The American Association of Critical-Care Nurses held its annual National Teaching Institute and Critical Care Exposition this week in Houston, TX. During the four-day event, 25 acute and critical care nurses were presented with the Circle of Excellence Award, recognizing their efforts to achieve optimal patient outcomes.
“I feel so honored and privileged to be a recipient of this prestigious award,” says Sala. “I consider it one of my most rewarding accomplishments. I dedicate it to my family, my former professors, and preceptors, and most importantly, the patients whom I’ve cared for at the bedside during the past nine years. They have been my best teachers.”
Sala earned his BSN in 2012 from the University of Texas Health Science Center at the Houston School of Nursing and feel in love with critical care nursing during his capstone preceptorship in a general medical/surgical trauma ICU in South Texas.
“I was awed and impressed by how knowledgeable my preceptor was about pharmacology, pathophysiology, and patient management,” says Sala. “I saw how she was such an integral part of the critical care team, and how she had finesse, confidence, and a strong rapport with the surgeons and intensivists and all the other professionals in the unit. That two-month period played a seminal role in my journey in critical care.”
In his current role as the night nurse manager in the surgical and liver ICU, Sala has had the opportunity to work on initiatives that have improved not only patient care, but the overall work environment for his team. These initiatives led to his Circle of Excellence award.
He is most proud of his work to develop “flash rounds” in his unit – an initiative that directly impacts patient outcomes.
“Together with Dr. Atiya Dhala, one of our intensivists, and with the support of my director, Michele Ramirez, I implemented what we called “flash rounds” in our unit that focused on the ABCDEF bundle,” explains Sala. “This bundle aims to prevent the unintended consequences of critical illness, including delirium, prolonged ventilation, and excessive muscular deterioration. Every morning, at 8 a.m., each and every bedside staff nurse presented their patient to the team – the intensivists, nurse practitioners, residents, physical therapists, and respiratory therapists – as they rounded on the whole unit. Strictly focusing on these components and separate from teaching rounds, the flash rounds set the tone for the day for the team. This was not only met with much enthusiasm and support by most of our staff, but it also helped increase the mobilization rate, decreased our self-extubations, and reduced our ventilator days.”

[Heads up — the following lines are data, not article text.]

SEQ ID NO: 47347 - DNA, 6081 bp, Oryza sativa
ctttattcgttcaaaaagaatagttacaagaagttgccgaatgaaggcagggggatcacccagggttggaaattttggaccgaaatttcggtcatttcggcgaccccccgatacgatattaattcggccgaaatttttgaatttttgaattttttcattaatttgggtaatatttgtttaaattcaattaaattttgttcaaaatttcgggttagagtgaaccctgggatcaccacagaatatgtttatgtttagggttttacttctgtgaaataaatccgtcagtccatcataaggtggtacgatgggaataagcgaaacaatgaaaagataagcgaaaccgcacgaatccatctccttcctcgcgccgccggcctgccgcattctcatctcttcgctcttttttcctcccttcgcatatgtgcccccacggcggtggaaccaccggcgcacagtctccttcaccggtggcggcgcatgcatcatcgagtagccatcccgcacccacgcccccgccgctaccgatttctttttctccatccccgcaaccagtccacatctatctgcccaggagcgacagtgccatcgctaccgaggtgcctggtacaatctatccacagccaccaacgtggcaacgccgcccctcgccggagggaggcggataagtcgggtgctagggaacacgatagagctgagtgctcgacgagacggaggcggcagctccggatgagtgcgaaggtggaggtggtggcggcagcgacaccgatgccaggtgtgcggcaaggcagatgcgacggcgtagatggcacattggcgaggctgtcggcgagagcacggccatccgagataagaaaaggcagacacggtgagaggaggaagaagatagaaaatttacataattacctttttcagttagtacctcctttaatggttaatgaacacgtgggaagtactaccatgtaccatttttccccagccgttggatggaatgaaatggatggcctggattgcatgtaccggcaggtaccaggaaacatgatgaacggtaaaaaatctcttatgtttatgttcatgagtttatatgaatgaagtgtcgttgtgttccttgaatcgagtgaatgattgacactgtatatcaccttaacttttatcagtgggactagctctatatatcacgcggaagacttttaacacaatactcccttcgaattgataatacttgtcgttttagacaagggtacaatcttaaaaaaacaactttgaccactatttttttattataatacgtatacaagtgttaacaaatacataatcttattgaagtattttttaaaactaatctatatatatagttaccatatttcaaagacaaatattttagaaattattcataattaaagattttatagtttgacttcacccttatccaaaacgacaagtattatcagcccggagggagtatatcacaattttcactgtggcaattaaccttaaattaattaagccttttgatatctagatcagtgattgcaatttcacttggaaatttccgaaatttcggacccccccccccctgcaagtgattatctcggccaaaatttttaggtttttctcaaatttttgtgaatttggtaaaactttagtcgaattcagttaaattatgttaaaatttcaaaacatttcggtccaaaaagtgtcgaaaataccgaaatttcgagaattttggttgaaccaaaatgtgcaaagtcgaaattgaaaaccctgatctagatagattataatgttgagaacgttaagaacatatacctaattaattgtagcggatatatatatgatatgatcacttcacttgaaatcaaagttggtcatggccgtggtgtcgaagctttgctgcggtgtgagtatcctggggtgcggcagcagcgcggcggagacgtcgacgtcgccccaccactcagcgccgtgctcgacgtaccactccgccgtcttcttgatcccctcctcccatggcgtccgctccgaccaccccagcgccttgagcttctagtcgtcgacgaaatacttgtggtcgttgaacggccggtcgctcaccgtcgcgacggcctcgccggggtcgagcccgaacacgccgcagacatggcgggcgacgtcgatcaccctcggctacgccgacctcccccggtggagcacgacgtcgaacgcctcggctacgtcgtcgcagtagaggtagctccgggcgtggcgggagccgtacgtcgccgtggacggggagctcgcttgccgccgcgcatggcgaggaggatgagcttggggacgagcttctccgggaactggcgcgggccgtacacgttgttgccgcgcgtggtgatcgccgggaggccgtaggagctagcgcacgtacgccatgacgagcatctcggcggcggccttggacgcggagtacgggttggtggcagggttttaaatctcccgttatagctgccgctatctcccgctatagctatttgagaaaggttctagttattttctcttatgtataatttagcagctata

Sala has also worked hard to improve his unit’s work environment.
“One of our key challenges in our unit was the rocky transition of our new graduate nurses (GNs) into clinical practice,” he says. “I mentored a group of GNs whose project for their nurse residency program was to create a buddy program that paired upcoming GNs with a buddy (who is a different person from their preceptor). This allowed them to integrate more easily into the culture and fellowship in the unit.”
Sala offers this advice to aspiring critical care nurses: “Work hard and study hard, and don’t lose sight of your goals. When you do rotations in nursing school, or work in any unit, find key mentors who can either directly guide you in the process of becoming a critical care nurse, or introduce you to people who can. Be inquisitive, read widely, and always ask questions.”